Strategy diffusion and co-creation - A very powerful way to use the BMC is in the context of strategic alignment across the organization. On the one hand it can be used for strategy diffusion or on the other hand - as I mentioned previously (cf usage 1) - for strategy co-creation to create buy-in. The canvas plays a very powerful role in strategy diffusion because it becomes the blueprint of your strategy that shows more concretely, more clearly how you’re going to implement your strategy. 
Shared language across functions - One of the biggest areas of application where we’ve seen the canvas succeed phenomenally is as a shared language across the organization. The Canvas is particularly helpful when applied across functions. People from marketing, technology, engineering, operations, finance, and so on can all work together around a BMC and have a shared language to discuss their ideas. Whether it's new ideas on the table, new businesses on the table, or new business models that are going to be developed, the Canvas becomes the central, unifying tool to center the conversation. The Canvas doesn't just provide a shared language to make conversations better, it also makes conversations more strategic, and in particular, it provides an outcome that can actually be implemented.

General alignment - The BMC helps generally with alignment because on one piece of paper we have all the essentials of the blueprint of your strategy. In a previous post we shared The Business Model Theatre video and how the Canvas is made up of a front stage and a back stage. On the front stage, the Canvas very clearly delineates how you’re creating value for customers and how that allows you to generate revenues. On the backstage the Canvas describes what resources, activities, and partners you need to create this value and how that generates costs. The BMC makes it possible for everybody to have a shared understanding of what we’re trying to achieve as an organization. It makes explicit what the pieces of your business model are, what the blueprint of your strategy is, and guides everybody to work towards that end.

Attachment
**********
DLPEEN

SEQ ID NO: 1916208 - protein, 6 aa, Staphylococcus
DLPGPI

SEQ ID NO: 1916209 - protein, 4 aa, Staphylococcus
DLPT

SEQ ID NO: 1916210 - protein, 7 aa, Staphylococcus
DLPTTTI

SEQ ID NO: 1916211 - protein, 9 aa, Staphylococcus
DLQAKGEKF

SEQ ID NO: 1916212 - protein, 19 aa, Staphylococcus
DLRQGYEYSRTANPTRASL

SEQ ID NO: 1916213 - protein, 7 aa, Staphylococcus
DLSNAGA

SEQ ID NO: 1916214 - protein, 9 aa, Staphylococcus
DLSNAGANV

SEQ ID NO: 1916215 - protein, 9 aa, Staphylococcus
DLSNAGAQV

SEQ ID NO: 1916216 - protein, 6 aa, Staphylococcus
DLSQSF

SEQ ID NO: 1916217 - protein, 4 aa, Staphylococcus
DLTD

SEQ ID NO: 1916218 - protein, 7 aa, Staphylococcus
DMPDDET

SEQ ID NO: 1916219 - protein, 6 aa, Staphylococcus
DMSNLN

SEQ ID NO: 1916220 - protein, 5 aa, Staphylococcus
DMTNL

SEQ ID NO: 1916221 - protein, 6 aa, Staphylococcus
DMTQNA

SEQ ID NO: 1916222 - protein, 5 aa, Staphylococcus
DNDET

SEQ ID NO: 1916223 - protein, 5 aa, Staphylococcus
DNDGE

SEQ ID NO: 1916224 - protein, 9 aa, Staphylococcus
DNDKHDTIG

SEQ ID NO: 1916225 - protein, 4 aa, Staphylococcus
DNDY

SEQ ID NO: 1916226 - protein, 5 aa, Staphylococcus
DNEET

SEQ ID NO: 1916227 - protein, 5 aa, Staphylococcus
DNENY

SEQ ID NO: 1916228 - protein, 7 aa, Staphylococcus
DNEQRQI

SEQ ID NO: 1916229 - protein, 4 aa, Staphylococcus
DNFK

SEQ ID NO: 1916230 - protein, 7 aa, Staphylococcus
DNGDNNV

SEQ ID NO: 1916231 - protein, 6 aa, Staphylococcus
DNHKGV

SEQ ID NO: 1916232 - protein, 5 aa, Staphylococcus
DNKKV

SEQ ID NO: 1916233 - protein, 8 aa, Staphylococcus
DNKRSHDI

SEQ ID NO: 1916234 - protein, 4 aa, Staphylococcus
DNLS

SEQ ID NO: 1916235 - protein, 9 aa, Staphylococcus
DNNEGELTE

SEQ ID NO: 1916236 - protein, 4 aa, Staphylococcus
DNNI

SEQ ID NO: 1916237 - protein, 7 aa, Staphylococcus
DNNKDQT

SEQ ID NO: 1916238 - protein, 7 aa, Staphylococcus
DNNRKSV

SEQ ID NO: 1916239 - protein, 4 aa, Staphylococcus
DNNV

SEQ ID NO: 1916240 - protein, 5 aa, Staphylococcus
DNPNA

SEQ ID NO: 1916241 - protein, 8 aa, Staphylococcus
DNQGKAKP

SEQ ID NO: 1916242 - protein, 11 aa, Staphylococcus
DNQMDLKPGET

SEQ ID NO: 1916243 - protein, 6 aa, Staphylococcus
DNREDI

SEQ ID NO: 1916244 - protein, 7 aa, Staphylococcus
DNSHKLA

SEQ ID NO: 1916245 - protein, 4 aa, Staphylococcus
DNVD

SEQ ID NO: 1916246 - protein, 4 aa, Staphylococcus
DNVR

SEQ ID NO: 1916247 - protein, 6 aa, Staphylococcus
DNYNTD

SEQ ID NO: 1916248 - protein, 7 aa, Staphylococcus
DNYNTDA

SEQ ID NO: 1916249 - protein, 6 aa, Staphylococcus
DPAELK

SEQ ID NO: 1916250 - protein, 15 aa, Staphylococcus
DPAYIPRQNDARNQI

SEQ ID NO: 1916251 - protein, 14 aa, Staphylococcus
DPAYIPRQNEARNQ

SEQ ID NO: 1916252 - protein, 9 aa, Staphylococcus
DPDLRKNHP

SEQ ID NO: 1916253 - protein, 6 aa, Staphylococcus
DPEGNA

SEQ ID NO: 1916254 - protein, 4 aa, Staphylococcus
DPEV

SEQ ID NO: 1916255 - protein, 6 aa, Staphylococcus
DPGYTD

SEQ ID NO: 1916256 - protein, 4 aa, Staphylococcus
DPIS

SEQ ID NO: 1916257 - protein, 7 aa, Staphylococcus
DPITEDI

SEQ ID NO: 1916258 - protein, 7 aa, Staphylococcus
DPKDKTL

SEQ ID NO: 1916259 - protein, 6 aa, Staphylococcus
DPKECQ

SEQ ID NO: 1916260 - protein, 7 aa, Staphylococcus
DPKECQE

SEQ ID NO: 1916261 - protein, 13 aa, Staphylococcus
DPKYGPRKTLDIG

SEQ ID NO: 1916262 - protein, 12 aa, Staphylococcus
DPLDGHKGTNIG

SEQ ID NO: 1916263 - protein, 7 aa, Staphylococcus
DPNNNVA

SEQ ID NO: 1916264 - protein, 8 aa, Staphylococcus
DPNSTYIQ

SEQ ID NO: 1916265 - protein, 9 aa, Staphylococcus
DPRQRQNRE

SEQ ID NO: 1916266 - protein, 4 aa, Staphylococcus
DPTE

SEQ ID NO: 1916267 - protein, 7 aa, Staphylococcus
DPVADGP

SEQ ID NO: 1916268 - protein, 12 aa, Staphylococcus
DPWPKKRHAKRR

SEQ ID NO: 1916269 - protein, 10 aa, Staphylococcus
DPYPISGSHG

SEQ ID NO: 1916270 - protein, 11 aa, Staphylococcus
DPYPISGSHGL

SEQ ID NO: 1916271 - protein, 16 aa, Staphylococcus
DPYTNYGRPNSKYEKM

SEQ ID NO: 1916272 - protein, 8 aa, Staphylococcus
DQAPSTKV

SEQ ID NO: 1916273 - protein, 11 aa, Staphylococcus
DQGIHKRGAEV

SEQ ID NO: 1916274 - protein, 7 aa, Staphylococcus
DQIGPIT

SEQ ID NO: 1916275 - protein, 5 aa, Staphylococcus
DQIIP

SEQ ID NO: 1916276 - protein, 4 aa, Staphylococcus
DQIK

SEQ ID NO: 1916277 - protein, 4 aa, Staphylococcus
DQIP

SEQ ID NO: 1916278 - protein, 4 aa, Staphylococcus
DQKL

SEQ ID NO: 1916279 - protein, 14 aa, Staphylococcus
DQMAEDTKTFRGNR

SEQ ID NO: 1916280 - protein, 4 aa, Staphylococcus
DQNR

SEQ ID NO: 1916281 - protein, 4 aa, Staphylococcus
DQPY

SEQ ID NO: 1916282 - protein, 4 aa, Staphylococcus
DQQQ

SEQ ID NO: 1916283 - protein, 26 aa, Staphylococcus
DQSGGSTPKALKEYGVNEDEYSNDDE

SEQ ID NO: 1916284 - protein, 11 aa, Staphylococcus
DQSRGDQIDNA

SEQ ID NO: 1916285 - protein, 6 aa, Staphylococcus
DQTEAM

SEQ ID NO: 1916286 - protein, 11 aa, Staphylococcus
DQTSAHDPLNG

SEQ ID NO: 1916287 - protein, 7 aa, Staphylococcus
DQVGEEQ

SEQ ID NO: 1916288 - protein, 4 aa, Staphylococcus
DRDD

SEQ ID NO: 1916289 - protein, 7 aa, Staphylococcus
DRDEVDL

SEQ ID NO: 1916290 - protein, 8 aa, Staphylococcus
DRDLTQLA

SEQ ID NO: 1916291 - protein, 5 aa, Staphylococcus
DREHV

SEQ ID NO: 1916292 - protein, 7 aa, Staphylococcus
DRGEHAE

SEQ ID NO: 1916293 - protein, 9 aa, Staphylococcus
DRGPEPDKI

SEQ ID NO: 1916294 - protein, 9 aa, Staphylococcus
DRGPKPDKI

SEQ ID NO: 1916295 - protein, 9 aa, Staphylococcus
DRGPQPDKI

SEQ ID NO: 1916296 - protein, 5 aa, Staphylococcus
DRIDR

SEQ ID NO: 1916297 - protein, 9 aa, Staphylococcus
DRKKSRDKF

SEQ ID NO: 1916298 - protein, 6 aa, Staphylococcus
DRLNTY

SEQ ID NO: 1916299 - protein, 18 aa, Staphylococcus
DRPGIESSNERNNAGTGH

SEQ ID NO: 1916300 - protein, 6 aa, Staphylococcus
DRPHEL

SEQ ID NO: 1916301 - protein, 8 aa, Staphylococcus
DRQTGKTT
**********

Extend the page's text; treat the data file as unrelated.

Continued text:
Investment decisions - Some organizations are using the BMC to make better investment decisions. Once you've sketched out a business model(s) and you understand the underlying business opportunity, you have a better understanding of where you should allocate resources. This is true both for improving existing business models to inventing entirely new business models. Of course we recognize that it’s actually easier to generate quick revenues from existing business models and harder to generate long-term revenues from new ones, but we need to allocate resources across the entire portfolio of business models. The Canvas makes business opportunities explicit and can serve as a guide to how those resources get allocated.

Mergers and acquisitions - One application that we really didn’t expect would come up is the application of using the BMC in context of mergers and acquisitions. The idea here is that you would sketch out the business models of two organizations and figure out if there is a good fit. If you do this for a couple of organizations within a specific industry you'll better understand where there are potential synergies and opportunities for integration and where more differentiating factors will cause you to run into challenges. This application can be used for large and small mergers and acquisitions as well as in settings where an organization has an internal startup and wants to acquire or merge it back into the parent company or back into an existing business unit.